Monday, 4 March 2013

New SMH home page goes down the middle

It's a big day for Fairfax editors at the Sydney Morning Herald as they introduce a new "compact" newspaper and, at the same time, a new web home page design. In the video they put up on the web page they take care to refer to the new print format as "compact" rather than the technically correct "tabloid" to make sure readers distinguish it from rival Sydney paper the Daily Telegraph (the Terror). While it's clear that SMH operators have retained the serif font online to help distinguish the SMH from the Terror, some elements of the new SMH home page look like those of the News Ltd tabloid's home page. Both websites are looking for the same readership, so it's not surprising that this should be so. Then is the new home page like the Mighty Angus, McDonald's premium burger? You know, "A little bit special."

Perhaps, but the SMH is also a major competitor of the Australian (the Oz), News Ltd's broadsheet, which went to a subscription model last year. And the new SMH home page takes a leaf out of the playbook of this rival by going for a cleaner, more open design. Fairfax Media has had a lot of things to take into account for this design launch and it's pretty clear to me that they've paid attention to a number of different threats, while looking for opportunities as well. They know that keeping all their sections under one URL is important and the internet statistics no doubt underscore this consideration. They are looking for volume because of the purported returns from online ad impressions. It is to be seen if they go back to using those hated sidebar ads that made reading the home page sometimes so unpleasant.

To underline how important this new design launch is for Fairfax editors, Julia Gillard was asked to write a short piece which appears today. It's a very effective little piece, and you wonder if the editors had any hand in its writing. Titled 'Struggling journal became a great newspaper of record', the column quickly points out the features of the SMH - longevity, integrity, impartiality, notoriety, influence - that make it such a force in Australian society today. It's flawless, really, because it also points to the location of Fairfax editors' aspirations: that the SMH should be a "newspaper of record". Informed individuals have pointed out in the past (at least in my recollection) that Australian journalism is, in the main, populist, and the quantity of popular content in the SMH - sport, entertainment, motherhood, automotive, lifestyle - reinforces that perception in an immediate sense. But what is a newspaper of record?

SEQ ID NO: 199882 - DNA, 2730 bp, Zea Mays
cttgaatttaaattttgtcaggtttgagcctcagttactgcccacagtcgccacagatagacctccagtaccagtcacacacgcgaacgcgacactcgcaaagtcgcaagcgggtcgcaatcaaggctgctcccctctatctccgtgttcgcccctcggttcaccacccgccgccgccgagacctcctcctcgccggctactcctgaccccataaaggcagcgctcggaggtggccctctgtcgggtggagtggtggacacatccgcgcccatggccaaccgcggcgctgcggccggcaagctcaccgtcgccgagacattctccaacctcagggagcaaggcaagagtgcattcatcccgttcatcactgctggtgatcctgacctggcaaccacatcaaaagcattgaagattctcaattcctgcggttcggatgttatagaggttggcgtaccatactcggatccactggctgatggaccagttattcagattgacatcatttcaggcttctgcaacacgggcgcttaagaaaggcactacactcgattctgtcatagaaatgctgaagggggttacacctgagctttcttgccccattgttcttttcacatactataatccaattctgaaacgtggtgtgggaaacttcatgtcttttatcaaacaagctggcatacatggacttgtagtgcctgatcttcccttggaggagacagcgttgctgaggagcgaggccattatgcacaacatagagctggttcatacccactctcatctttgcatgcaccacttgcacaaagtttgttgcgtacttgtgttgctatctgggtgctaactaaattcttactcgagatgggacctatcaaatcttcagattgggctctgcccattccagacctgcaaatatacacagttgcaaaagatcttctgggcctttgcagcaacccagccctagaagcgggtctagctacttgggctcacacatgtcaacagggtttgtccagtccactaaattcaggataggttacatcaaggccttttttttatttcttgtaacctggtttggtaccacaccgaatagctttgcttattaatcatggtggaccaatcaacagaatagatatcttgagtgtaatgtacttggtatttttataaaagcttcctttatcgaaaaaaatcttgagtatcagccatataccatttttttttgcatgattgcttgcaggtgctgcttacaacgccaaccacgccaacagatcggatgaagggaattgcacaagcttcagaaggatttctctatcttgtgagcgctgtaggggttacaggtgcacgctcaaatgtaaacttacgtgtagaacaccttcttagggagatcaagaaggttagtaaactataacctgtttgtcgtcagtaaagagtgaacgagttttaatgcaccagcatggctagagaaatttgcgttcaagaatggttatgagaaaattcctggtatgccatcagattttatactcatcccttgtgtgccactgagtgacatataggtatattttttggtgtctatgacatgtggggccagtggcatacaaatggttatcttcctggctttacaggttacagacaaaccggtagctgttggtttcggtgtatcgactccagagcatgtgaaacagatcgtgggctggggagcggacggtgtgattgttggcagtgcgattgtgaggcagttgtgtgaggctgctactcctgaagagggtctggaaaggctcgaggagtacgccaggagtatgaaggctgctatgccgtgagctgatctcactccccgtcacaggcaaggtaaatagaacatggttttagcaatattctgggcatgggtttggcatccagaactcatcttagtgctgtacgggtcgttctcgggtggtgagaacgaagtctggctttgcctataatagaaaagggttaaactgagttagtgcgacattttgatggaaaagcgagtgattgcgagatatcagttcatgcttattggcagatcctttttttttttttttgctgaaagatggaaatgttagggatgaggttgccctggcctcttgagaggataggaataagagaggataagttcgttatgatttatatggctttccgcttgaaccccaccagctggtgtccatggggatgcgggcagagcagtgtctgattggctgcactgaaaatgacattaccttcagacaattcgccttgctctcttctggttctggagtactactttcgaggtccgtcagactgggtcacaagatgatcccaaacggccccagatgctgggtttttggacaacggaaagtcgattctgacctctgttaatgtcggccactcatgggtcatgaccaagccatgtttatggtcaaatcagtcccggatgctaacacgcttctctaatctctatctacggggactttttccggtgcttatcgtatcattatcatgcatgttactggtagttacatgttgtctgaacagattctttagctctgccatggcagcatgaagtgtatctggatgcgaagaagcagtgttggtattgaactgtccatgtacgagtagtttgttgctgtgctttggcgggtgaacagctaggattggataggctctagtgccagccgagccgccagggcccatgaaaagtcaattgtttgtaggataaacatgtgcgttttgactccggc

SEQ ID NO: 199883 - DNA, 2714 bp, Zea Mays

It's where people go to find the most important information about any topical issue. Again, the SMH has competition here from the Terror and from the Oz, but the first one is a bit too populist and the second one is too overtly conservative in its bias. This makes the claims of Fairfax editors germane. But it really depends on what kind of story you're talking about. For international events, for example, I think a lot of people would agree with me if I say that the UK's Guardian and the US's New York Times are the newspapers of record for any event unfolding somewhere in the world. Events of international relevance, that is. So the aspirations of Fairfax editors remain homebound. Which is fine. We should congratulate them and wish them well. Big, ugly newspapers are essential elements of any democracy (and I will certainly subscribe when that becomes an issue, probably later this year) because there are a lot of big, ugly institutions and big, ugly people out there who need to be held to account. You've got to be big and, well, ugly to do that.

I think the new home page design is beautiful.

No comments: